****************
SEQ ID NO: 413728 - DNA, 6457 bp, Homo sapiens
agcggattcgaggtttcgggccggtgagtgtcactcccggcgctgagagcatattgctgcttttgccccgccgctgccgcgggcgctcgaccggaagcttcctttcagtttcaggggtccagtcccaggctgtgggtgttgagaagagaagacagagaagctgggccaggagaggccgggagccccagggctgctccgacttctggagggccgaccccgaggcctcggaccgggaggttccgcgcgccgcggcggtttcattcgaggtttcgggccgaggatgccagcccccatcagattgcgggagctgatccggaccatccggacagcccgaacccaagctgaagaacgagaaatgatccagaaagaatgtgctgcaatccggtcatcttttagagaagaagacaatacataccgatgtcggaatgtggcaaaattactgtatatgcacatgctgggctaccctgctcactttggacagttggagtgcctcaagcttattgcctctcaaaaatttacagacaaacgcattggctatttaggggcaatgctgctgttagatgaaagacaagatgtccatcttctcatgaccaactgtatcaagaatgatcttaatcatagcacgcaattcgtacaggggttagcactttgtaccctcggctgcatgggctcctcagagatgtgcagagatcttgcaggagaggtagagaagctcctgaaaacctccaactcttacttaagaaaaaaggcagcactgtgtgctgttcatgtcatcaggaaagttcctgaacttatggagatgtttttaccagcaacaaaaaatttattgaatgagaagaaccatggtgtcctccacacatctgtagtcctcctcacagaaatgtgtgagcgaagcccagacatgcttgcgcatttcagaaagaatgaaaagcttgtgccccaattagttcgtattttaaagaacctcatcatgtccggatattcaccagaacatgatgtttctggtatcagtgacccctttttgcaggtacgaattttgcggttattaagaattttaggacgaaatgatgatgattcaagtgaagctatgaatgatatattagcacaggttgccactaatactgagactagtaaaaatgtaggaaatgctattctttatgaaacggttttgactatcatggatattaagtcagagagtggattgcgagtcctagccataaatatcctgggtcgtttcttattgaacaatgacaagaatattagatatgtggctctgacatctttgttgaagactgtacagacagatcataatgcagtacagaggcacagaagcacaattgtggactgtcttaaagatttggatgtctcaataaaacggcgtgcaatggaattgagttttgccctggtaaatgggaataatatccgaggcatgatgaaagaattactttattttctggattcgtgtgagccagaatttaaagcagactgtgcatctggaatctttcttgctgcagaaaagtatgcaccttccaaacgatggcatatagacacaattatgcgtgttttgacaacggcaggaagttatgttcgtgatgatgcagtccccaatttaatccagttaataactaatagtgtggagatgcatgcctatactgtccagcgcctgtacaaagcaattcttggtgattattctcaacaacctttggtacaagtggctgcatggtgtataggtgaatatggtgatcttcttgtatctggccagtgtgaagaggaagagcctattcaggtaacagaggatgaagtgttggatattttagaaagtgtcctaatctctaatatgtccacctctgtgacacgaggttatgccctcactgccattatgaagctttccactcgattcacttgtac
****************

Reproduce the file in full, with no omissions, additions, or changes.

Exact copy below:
SEQ ID NO: 413728 - DNA, 6457 bp, Homo sapiens
agcggattcgaggtttcgggccggtgagtgtcactcccggcgctgagagcatattgctgcttttgccccgccgctgccgcgggcgctcgaccggaagcttcctttcagtttcaggggtccagtcccaggctgtgggtgttgagaagagaagacagagaagctgggccaggagaggccgggagccccagggctgctccgacttctggagggccgaccccgaggcctcggaccgggaggttccgcgcgccgcggcggtttcattcgaggtttcgggccgaggatgccagcccccatcagattgcgggagctgatccggaccatccggacagcccgaacccaagctgaagaacgagaaatgatccagaaagaatgtgctgcaatccggtcatcttttagagaagaagacaatacataccgatgtcggaatgtggcaaaattactgtatatgcacatgctgggctaccctgctcactttggacagttggagtgcctcaagcttattgcctctcaaaaatttacagacaaacgcattggctatttaggggcaatgctgctgttagatgaaagacaagatgtccatcttctcatgaccaactgtatcaagaatgatcttaatcatagcacgcaattcgtacaggggttagcactttgtaccctcggctgcatgggctcctcagagatgtgcagagatcttgcaggagaggtagagaagctcctgaaaacctccaactcttacttaagaaaaaaggcagcactgtgtgctgttcatgtcatcaggaaagttcctgaacttatggagatgtttttaccagcaacaaaaaatttattgaatgagaagaaccatggtgtcctccacacatctgtagtcctcctcacagaaatgtgtgagcgaagcccagacatgcttgcgcatttcagaaagaatgaaaagcttgtgccccaattagttcgtattttaaagaacctcatcatgtccggatattcaccagaacatgatgtttctggtatcagtgacccctttttgcaggtacgaattttgcggttattaagaattttaggacgaaatgatgatgattcaagtgaagctatgaatgatatattagcacaggttgccactaatactgagactagtaaaaatgtaggaaatgctattctttatgaaacggttttgactatcatggatattaagtcagagagtggattgcgagtcctagccataaatatcctgggtcgtttcttattgaacaatgacaagaatattagatatgtggctctgacatctttgttgaagactgtacagacagatcataatgcagtacagaggcacagaagcacaattgtggactgtcttaaagatttggatgtctcaataaaacggcgtgcaatggaattgagttttgccctggtaaatgggaataatatccgaggcatgatgaaagaattactttattttctggattcgtgtgagccagaatttaaagcagactgtgcatctggaatctttcttgctgcagaaaagtatgcaccttccaaacgatggcatatagacacaattatgcgtgttttgacaacggcaggaagttatgttcgtgatgatgcagtccccaatttaatccagttaataactaatagtgtggagatgcatgcctatactgtccagcgcctgtacaaagcaattcttggtgattattctcaacaacctttggtacaagtggctgcatggtgtataggtgaatatggtgatcttcttgtatctggccagtgtgaagaggaagagcctattcaggtaacagaggatgaagtgttggatattttagaaagtgtcctaatctctaatatgtccacctctgtgacacgaggttatgccctcactgccattatgaagctttccactcgattcacttgtac